Application security is finally beginning to take wind. After years of being pushed to the background in favor of other areas of IT security, recently we’ve seen a major shift in the security landscape where application security is finally getting attention.With 84% of attacks aimed at the application layer – it’s about time, too.
Application security is a big field, though, and it can be overwhelming to begin an application security program without having an idea of where to start. And that’s where knowing what trends are on the horizon and aligning them to your own organizational needs can be especially helpful.
So, what application security trends will we see more of in 2016? We offer our thoughts below! What other trends do you expect to see in the upcoming year – comment below!
We’ve written extensively about how agile development methodologies are taking over the business world, and by 2020 at least 88% of organizations will have either adopted DevOps or will have adopted DevOps practices. The security teams at these organizations need to accept the challenge and figure out ways to reduce the burden of security on developers and testers, while at the same time bolstering your application security program.
The upcoming year will only see more and more organizations shifting towards DevOps, and the security teams should be one of the first groups on board. Automating security processes within the Continuous Integration and Continuous Delivery cycles is the only proven way to stay up to the speed of a DevOps environment.
Automation has been the saving grace of scaling application security programs, and it’s no different in the SecDevOps world. Tools that enable developers easy access to security testing and offer guidance on how – and more importantly why – a piece of code needs remediation will go a long way in helping shift security testing to the left in your organization’s SDLC. In addition, automation tools have the capacity to ensure your security controls and compliance with standards are up to par – allowing your organization to accelerate the pace of development and increase transparency without sacrificing stability or security.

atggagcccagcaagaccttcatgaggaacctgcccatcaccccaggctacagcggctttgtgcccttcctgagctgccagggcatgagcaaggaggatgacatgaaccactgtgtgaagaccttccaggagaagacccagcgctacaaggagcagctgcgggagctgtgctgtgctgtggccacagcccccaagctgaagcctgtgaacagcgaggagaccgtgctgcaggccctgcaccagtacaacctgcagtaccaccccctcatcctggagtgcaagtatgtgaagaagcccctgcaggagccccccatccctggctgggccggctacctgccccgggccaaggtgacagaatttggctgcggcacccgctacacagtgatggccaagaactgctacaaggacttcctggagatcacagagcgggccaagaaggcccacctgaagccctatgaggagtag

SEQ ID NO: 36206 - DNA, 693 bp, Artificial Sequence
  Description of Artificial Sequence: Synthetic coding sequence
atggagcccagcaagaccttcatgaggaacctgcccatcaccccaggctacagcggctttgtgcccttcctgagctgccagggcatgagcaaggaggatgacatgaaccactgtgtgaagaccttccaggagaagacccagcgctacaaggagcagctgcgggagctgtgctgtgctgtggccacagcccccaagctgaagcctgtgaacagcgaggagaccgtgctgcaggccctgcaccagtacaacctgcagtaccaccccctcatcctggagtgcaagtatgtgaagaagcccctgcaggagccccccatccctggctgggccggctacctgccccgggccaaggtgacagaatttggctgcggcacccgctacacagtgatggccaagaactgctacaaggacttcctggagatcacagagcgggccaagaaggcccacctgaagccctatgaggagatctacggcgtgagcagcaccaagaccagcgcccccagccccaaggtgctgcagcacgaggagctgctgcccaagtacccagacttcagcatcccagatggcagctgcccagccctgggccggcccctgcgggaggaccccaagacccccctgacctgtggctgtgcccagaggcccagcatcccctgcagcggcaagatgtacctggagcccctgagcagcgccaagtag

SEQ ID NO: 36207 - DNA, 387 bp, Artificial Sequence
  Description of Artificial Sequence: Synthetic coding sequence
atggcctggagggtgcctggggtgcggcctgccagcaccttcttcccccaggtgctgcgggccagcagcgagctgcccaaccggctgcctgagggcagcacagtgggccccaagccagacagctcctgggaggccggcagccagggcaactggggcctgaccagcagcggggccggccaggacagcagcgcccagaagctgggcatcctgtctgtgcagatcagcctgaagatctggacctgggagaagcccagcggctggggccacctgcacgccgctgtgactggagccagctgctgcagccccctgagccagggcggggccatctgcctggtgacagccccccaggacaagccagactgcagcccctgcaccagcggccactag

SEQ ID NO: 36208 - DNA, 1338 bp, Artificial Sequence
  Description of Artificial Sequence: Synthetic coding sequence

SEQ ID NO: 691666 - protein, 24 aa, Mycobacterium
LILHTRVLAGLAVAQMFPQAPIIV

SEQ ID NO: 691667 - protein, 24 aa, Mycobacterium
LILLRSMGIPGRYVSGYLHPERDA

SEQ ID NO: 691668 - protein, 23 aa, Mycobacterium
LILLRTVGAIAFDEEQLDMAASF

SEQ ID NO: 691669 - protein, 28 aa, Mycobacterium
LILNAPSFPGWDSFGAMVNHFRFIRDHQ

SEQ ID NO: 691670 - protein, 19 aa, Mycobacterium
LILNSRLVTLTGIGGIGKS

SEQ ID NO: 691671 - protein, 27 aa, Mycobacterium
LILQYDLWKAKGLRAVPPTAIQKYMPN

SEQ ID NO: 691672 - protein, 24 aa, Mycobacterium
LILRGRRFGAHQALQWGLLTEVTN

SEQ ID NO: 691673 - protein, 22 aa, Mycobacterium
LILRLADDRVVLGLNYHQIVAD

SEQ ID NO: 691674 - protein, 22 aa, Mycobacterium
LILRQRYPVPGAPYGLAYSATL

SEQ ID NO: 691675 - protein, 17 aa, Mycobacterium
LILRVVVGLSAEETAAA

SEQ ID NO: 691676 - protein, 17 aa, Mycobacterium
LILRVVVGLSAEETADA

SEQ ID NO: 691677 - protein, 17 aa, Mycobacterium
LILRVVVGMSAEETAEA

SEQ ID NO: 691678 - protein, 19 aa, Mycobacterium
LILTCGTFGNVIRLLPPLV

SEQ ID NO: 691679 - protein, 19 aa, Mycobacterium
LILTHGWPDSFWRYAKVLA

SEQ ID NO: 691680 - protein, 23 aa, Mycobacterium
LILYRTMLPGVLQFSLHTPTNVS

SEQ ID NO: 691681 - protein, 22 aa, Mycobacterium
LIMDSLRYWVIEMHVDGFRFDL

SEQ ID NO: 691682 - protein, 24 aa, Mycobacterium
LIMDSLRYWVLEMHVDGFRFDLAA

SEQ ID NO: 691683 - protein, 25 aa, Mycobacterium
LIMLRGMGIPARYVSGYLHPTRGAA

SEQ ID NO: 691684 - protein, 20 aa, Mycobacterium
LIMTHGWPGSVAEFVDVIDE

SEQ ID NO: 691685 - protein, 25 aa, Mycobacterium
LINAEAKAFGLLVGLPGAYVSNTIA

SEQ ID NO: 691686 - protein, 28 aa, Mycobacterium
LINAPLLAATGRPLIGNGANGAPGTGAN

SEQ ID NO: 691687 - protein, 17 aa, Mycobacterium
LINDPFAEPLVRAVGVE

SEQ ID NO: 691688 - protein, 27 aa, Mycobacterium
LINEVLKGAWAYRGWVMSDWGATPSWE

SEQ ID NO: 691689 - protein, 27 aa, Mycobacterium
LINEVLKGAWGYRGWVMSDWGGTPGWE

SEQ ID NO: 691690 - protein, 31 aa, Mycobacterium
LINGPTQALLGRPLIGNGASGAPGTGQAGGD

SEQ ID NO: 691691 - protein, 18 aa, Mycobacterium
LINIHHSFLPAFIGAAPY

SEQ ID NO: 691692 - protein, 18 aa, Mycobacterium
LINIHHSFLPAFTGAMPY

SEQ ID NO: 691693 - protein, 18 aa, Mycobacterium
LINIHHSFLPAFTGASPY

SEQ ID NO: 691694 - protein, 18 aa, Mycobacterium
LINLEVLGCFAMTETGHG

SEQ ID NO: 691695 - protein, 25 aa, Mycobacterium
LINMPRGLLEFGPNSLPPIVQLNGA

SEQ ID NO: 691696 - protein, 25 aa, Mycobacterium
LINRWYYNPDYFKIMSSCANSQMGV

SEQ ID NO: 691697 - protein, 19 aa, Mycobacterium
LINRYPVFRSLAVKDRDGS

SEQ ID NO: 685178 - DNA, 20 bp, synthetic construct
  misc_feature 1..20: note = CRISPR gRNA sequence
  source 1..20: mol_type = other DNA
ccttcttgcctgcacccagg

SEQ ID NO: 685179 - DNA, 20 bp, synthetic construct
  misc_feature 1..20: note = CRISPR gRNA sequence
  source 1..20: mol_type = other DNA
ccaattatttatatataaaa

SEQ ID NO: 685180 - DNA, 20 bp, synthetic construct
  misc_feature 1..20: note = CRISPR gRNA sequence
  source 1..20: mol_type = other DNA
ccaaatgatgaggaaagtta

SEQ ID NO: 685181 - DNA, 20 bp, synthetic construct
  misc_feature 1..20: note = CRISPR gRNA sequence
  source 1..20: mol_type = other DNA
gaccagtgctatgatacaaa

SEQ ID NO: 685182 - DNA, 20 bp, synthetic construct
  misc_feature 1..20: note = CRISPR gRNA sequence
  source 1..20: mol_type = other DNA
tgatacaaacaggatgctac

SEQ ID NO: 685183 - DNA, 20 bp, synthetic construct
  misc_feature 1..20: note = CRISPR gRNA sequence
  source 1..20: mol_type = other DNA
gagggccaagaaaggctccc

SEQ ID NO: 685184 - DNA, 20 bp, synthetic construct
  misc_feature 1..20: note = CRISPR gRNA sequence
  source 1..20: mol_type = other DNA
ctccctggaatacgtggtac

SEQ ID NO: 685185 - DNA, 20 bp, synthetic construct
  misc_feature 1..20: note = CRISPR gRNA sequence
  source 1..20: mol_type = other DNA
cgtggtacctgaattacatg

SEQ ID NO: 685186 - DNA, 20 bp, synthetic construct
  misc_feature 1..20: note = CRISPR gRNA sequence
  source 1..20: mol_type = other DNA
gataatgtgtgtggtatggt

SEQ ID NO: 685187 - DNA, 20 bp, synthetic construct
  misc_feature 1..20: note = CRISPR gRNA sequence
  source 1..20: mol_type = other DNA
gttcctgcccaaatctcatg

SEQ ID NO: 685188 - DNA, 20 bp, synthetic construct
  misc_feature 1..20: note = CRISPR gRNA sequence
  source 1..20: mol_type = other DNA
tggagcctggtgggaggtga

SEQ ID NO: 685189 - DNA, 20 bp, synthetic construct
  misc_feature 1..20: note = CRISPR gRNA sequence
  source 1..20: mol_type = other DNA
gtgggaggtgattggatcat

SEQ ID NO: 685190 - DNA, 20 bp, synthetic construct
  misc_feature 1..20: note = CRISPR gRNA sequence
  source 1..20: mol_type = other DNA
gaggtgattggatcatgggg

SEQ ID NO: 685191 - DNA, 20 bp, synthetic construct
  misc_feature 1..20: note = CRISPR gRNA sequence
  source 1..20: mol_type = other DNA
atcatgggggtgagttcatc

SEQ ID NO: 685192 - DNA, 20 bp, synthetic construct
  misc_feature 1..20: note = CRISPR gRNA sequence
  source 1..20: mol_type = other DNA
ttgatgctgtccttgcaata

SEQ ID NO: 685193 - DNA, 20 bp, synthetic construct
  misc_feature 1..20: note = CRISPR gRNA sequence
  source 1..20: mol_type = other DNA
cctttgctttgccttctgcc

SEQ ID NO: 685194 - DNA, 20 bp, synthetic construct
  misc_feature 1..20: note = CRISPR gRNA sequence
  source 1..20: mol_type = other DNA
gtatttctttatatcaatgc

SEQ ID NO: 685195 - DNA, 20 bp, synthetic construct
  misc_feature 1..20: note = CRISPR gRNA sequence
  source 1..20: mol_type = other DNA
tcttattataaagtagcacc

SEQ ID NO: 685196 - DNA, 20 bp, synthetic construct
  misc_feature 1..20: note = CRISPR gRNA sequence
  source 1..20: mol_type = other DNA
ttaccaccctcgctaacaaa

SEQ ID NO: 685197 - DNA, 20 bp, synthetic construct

In DevOps, security can’t be separated from the rest of the cycle. It needs to be understood throughout the organization that security is yet another aspect of quality – and developers are all about creating high-quality software, so this culture change is essential for many businesses. Automating as much of your security process as possible will allow developers to easily gain responsibility over security during the development process.
Resources on Understanding Security Automation & SecDevOps:
Internet of Things (IoT) INSecurity